Size: 3,940 square feet

Price per square foot: $211

Indoors: Irregular walls of adobe brick are interior features, joined by flooring of herringbone brick and pine, timber ceilings with hand-peeled vigas and adobe fireplaces built by local masons. The sunken living and dining room has all of these, plus a wet bar under a free-standing adobe arch and wrought-iron chandeliers. The fireplace wall is adorned with Native American petroglyphs, including one picturing Kokopelli, the fertility god.

The kitchen is through an archway, to the left of the main entry (another entrance is from the dining room). It has clerestory windows, a walk-in pantry, a built-in desk and china cabinet, and a kiva fireplace. Glass doors lead out to a patio with another fireplace.

Four bedrooms are on the main level and include a carpeted master with a fireplace, a picture window and access to a private courtyard with a hot tub. The master bathroom contains a tub sunk into a tiled pedestal, a curvaceous walk-in shower and vanities on opposite walls.

The upper level has multiple seating areas on the large landing, a bonus room and a bathroom trimmed in colorful stone tile, with a steam shower.

Operated as Camp Blueberry Hill by the Girl Scouts from the 1950s to the 2000s, this property in Sullivan County in the Catskills fell into disrepair and was rehabilitated by Avishai M. Adiv, a Brooklyn-based developer who is also the real estate agent. It is zoned for residential or agricultural use, which suggests a possible future life as a family complex or bed-and-breakfast.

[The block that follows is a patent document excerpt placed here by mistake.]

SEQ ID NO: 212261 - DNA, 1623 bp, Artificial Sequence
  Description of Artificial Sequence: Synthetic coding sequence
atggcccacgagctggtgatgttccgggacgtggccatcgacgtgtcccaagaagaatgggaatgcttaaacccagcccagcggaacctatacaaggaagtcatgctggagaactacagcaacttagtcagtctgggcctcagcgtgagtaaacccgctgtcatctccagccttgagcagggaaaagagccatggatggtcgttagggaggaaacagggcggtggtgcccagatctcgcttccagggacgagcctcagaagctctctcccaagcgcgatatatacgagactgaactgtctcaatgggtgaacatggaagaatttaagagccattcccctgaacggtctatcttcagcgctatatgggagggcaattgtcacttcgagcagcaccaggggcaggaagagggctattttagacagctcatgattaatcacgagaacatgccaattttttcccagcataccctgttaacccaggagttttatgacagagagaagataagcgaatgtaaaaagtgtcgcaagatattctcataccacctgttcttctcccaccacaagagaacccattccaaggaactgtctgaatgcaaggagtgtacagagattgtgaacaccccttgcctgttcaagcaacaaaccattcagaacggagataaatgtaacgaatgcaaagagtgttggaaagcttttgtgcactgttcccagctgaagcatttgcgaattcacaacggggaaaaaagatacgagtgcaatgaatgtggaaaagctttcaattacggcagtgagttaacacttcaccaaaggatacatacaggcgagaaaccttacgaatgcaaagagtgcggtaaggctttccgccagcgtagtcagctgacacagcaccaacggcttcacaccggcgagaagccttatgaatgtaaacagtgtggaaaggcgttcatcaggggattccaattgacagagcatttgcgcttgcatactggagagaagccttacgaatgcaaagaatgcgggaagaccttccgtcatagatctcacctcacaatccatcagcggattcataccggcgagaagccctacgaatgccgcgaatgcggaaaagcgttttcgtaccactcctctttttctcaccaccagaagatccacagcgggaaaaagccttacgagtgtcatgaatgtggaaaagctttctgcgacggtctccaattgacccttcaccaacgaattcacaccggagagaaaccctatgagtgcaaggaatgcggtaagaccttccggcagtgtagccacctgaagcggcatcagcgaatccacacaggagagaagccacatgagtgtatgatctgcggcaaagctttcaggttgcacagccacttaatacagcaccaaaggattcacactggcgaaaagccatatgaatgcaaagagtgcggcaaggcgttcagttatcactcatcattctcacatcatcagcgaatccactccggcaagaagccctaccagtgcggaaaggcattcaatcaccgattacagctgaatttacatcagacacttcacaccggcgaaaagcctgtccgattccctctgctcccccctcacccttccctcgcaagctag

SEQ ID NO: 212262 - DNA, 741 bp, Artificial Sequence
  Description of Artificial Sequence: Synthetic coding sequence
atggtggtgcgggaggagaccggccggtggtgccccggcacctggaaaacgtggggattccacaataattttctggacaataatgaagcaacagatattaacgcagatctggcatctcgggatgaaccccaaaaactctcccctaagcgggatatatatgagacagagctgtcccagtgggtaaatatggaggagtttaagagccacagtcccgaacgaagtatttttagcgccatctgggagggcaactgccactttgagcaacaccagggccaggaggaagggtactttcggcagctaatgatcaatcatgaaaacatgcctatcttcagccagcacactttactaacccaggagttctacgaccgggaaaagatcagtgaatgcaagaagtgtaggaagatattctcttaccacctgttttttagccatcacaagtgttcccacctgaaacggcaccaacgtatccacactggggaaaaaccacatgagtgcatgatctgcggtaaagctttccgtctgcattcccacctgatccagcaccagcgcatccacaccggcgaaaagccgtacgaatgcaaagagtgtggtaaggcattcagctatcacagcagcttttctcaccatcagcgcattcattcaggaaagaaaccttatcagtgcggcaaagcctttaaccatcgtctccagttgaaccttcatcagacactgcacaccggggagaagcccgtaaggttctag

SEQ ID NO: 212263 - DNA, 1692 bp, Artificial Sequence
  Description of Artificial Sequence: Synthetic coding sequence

The camp is about six miles southeast of the hamlet of Livingston Manor, with its farm-to-table restaurants and sporting outfitters that assist those who wade into the local waters to fly-fish (the area is something of a capital for the sport).

A placard on one cabin pays tribute to Hattie Zalkin, a camp benefactor who persuaded the Girl Scouts of America to remove lard from their cookies and thus achieve kosher certification, Mr. Adiv said.

Size: 1,820 square feet (in the main house)

Price per square foot: $466

Indoors: The two-story main house, or lodge, was renovated from the studs out, and all of its systems were upgraded. The open room on the lower level has a 20-foot ceiling and a vintage wood-burning stove inherited from the Girl Scouts and installed under a metal-and-blown-glass chandelier. The wormy chestnut floorboards were salvaged from a group of old cabins in Ohio. (The buyer will be able to choose the finish.) The corner kitchen has stainless steel appliances, including a Viking stove, Fisher & Paykel refrigerator and Bosch dishwasher. The two first-floor bedrooms are served by a bathroom with a combined tub and shower and star-patterned floor tile. A similar bathroom with floral tile is part of a second-floor bedroom suite.